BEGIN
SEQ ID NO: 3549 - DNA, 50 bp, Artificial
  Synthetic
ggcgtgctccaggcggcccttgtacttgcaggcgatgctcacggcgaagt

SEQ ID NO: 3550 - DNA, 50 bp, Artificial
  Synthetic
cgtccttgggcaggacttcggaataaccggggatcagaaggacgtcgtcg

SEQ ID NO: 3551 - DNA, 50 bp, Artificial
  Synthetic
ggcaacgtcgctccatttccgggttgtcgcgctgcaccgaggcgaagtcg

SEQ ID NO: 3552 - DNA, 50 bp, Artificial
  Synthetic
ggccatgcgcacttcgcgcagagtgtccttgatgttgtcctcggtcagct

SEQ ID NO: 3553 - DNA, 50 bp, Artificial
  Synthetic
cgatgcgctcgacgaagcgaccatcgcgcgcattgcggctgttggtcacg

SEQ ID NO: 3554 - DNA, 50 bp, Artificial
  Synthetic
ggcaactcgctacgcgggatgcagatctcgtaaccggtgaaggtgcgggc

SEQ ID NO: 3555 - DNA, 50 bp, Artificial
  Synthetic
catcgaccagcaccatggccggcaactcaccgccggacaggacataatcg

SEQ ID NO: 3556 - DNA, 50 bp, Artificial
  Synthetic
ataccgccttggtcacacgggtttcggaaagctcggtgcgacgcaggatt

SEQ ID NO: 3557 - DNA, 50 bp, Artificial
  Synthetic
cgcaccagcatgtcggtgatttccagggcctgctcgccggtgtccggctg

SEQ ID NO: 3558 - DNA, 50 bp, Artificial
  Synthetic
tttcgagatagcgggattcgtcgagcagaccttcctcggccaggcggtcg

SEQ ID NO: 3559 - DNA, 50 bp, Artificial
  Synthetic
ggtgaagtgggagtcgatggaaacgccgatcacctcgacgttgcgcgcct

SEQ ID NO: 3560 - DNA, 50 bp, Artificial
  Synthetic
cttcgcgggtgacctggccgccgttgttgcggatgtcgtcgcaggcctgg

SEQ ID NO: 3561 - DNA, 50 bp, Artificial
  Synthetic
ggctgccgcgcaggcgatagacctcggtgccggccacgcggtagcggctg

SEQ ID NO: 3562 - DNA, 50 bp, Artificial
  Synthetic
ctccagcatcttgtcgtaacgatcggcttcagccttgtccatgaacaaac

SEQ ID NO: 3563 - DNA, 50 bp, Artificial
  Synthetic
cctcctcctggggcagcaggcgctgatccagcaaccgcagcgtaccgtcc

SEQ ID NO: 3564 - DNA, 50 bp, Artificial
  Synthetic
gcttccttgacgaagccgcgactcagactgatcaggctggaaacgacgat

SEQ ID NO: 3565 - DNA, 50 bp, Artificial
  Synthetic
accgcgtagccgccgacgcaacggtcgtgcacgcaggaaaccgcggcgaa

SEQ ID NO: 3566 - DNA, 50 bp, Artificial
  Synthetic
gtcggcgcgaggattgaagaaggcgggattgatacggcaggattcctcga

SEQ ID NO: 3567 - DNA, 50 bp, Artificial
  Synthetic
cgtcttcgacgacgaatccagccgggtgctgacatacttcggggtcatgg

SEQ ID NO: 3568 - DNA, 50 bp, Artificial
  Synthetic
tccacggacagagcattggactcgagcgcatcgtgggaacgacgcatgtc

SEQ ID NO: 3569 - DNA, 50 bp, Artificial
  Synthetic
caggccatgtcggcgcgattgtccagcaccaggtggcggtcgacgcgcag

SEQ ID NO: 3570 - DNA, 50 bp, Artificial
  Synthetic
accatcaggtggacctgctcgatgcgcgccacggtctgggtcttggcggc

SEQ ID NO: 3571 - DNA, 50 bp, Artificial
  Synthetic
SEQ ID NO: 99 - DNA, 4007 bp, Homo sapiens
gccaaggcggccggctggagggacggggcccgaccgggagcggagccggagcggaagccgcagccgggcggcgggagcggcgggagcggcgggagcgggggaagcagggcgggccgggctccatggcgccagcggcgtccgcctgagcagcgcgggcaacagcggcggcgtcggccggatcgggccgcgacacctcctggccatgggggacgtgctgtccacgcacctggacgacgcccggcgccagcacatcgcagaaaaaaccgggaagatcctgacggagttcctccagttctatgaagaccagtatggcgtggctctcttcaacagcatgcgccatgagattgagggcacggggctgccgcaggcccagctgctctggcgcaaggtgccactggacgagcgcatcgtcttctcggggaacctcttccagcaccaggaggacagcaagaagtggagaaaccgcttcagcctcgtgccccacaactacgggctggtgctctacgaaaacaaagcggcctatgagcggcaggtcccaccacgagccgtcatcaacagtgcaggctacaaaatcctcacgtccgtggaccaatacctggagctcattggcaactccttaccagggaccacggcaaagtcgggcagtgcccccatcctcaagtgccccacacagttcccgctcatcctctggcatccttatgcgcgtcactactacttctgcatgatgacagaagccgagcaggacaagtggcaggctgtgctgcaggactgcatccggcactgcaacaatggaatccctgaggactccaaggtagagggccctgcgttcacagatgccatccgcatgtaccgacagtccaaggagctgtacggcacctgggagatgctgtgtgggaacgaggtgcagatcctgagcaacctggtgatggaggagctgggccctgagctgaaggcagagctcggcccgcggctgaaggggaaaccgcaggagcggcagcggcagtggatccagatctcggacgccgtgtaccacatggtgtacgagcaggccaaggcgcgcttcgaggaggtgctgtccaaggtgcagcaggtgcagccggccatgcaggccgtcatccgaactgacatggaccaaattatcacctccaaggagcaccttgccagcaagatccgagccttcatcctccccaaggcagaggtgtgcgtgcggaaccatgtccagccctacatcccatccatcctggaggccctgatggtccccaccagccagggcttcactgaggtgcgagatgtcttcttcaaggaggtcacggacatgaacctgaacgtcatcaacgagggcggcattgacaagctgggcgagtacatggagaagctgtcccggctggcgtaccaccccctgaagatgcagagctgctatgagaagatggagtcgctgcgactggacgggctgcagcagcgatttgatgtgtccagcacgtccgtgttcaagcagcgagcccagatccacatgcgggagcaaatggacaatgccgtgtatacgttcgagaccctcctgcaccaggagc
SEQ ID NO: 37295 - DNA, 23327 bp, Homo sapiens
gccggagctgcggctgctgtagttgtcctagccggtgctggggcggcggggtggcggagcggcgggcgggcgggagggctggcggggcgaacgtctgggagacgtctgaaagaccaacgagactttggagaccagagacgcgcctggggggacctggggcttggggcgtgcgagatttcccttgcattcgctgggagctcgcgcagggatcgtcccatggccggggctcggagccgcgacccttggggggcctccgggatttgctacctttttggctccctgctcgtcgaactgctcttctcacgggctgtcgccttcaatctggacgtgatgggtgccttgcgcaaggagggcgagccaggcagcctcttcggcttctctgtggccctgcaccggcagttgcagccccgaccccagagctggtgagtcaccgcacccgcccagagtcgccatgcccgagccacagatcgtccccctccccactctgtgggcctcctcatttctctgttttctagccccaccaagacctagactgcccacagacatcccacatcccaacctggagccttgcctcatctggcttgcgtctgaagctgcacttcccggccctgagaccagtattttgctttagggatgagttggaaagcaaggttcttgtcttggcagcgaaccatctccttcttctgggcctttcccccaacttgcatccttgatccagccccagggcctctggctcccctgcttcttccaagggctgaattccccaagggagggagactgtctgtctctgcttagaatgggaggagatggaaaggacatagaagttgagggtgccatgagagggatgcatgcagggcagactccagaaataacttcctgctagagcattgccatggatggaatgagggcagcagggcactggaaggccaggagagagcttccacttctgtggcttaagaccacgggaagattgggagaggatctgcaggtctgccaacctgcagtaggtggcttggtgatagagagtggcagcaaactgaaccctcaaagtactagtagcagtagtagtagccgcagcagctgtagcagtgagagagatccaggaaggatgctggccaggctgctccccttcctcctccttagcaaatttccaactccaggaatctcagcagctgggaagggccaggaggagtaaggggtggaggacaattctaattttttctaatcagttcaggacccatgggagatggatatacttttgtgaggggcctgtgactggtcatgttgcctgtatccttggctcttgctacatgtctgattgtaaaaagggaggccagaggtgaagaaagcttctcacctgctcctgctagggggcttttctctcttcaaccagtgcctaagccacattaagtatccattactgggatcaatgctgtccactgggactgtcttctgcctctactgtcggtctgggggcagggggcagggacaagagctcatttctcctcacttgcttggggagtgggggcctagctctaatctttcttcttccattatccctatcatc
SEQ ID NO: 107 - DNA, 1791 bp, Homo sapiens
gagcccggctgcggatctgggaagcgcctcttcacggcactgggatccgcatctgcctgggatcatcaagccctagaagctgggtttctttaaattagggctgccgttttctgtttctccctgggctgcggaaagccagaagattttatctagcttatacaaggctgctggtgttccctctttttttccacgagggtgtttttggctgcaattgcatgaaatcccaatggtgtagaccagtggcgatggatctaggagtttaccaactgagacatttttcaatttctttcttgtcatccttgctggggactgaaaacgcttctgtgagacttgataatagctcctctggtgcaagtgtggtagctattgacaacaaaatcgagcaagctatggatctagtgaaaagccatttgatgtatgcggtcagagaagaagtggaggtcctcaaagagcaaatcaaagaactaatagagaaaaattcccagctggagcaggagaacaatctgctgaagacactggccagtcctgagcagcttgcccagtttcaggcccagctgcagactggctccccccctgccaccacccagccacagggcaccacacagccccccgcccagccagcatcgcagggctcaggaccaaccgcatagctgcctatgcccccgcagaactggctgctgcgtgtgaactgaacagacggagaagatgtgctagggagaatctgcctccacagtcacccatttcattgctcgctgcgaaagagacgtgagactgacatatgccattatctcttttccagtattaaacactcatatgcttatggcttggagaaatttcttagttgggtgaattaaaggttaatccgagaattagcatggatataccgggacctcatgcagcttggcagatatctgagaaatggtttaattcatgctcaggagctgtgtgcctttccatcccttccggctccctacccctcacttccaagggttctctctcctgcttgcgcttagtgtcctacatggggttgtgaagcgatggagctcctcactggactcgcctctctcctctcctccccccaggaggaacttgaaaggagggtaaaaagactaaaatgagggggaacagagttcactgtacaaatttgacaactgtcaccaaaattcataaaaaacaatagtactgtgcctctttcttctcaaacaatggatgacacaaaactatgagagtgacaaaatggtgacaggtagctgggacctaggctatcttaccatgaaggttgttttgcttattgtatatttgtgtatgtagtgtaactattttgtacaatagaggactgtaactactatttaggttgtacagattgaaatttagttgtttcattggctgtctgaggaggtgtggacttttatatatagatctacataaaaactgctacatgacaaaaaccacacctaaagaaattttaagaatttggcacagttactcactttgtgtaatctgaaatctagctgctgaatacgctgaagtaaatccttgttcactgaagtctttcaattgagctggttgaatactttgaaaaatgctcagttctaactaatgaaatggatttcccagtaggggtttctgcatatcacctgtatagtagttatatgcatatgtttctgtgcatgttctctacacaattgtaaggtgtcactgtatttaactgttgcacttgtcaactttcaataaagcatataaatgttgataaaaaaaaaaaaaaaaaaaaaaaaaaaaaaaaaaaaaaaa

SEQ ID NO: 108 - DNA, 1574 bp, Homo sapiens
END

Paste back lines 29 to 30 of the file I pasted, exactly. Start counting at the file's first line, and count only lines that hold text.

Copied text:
  Synthetic
tttcgagatagcgggattcgtcgagcagaccttcctcggccaggcggtcg